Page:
A dentist had an English-only policy in her practice. Two of her Hispanic employees continued to speak Spanish to each other and around patients despite reminders of the policy. The dentist believed that other staff members and patients were uncomfortable when they could not understand what was being said in their presence. After numerous warnings - and with no change in their behavior - she terminated both employees. Both filed discrimination complaints against the dentist.
The dental office has become more culturally diverse than ever before. As a result, many employees do not speak English as their primary language, and it is natural for them to switch from English to their native language at any given time.
The EEOC (Equal Employment Opportunity Commission) has declared that a blanket “English-only” rule in the workplace constitutes disparate treatment of protected groups of individuals and that it might create an atmosphere of inferiority, isolation, and intimidation, based on national origin.
The EEOC also has ruled that employers who require employees to speak only English leave themselves open to possible discrimination charges. National-origin filings with the EEOC based on English-only rules have increased 600 percent since 1996. One employer recently received a fine of $1.5 million.
In addition, Title VII of the Civil Rights Act prohibits discrimination against people on the basis of national origin, and some states have adopted similar provisions that prohibit English-only policies.
Addressing the subject of foreign languages spoken in the workplace should be handled very carefully. Some situations where English-only policies are considered acceptable are:
• Where the rule is justified by “business necessity.” The employer may have to prove that the rule is truly necessary and serves an overriding legitimate business purpose.
• Where it would enhance the safe or efficient operation of the practice.
• In cooperative work assignments where a common language improves competence and effectiveness, such as when discussing technical issues.
• When communicating with patients and co-workers who only speak English.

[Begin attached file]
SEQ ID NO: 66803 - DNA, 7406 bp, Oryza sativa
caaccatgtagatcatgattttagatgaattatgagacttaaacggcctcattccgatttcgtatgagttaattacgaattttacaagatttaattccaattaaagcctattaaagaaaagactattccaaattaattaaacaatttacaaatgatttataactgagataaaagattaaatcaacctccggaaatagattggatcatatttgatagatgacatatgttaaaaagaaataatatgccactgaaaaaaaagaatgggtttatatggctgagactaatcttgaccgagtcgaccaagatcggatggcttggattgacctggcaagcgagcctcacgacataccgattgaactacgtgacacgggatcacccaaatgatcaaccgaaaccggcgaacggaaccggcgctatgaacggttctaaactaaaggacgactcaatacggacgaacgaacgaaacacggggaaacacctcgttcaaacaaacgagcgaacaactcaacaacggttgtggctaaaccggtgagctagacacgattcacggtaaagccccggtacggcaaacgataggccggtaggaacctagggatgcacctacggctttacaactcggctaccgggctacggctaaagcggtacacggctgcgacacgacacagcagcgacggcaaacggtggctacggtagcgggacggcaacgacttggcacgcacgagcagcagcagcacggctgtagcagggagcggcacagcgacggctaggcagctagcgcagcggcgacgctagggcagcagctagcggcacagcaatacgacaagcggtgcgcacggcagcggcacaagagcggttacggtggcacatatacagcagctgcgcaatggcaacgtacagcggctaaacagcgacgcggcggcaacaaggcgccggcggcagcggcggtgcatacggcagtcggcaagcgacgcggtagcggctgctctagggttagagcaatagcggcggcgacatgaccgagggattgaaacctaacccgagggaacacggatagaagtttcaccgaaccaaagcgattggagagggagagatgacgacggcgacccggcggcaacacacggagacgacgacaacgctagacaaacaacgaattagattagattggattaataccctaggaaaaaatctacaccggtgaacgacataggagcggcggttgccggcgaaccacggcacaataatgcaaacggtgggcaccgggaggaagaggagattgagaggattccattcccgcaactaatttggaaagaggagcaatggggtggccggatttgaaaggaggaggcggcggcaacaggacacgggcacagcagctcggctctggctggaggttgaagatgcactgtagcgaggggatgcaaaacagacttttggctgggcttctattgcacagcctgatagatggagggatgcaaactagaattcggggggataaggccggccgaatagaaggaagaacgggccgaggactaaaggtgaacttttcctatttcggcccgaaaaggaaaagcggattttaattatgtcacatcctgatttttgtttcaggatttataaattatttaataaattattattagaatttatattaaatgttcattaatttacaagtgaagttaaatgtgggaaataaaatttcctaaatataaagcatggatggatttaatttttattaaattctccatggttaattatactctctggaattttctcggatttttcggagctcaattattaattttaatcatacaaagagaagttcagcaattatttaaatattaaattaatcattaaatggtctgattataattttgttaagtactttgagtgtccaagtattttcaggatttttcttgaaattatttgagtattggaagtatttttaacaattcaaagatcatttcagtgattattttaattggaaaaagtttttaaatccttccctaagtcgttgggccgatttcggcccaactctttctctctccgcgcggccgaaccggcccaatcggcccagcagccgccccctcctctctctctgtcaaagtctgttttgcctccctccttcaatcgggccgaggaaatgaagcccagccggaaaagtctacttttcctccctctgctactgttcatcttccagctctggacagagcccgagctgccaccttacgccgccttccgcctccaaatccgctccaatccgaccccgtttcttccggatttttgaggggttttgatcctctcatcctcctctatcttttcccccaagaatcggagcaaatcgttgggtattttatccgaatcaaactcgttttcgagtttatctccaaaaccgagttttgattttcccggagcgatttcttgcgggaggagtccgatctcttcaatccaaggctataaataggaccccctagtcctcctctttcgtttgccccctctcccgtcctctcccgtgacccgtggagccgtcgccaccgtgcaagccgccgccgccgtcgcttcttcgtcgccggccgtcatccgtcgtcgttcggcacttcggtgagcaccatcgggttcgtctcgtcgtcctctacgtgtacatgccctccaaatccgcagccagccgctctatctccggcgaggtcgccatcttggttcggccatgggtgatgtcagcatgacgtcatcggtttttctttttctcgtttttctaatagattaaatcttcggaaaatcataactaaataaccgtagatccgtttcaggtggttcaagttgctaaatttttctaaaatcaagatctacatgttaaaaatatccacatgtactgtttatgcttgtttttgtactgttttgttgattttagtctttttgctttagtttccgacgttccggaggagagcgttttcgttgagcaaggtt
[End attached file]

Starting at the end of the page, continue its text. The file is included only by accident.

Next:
• When it will enable a supervisor who speaks only English to monitor an employee whose job duties require communication with co-workers or patients.
If you choose to adopt an English-only rule in your practice, document the reasons for instituting it and what specific circumstances in the workplace led to the implementation. Communicate the new policy to employees and include it in your policy manual to prevent misunderstandings.
The policy should include the specific situations and conditions where speaking English is required (it is generally impermissible to limit employees to speaking English during their rest breaks or lunch periods) and notify them of the possible consequences for any violation. You also might consider translating the policy into your employees’ native language to ensure they understand it. Caution: Please note that if the employer neglects to notify employees of the English-only policy and then disciplines or discharges an employee, the EEOC may consider that an act of discrimination and rule accordingly.
When a violation of the English-only policy occurs, bring it to the individual’s attention and document the type of violation and any resulting disciplinary action you take. (Call our office and refer to our Employee Counseling Memo, Form No. 418). Save the memo in the employee’s file. This documentation is important because it warns the employee that any future infraction may result in discharge. With it, you can prove that the employee had been properly warned of the possible consequences if the situation is not corrected. The policy and the documentation serve as an excellent defense against any charge of discrimination.
Under certain situations and conditions, it is possible for you to require that employees speak only English in the practice. Unfortunately, the dentist in our case study who had implemented this relatively all-encompassing English-only policy was not successful in defending it. Although she reasonably felt that English was the official language of her business and the use of Spanish caused adverse reactions for other employees and her patients, the investigative agency ruled in favor of the terminated employees.
Bottom line: Exercise care when establishing an English-only policy. If it does not address the criteria described, it probably will not be found legal if tested in court.
Bent Ericksen is the founder and Tim Twigg is the president of Bent Ericksen and Associates. For more than 25 years, the company has been a leading authority in human resources and personnel issues, helping dentists successfully deal with the ever-changing and complex labor laws. Both authors are members of the Academy of Dental Management Consultants. To receive a copy of the company’s quarterly newsletter or to learn more, contact them at (800) 679-2760 or at www.bentericksen.com.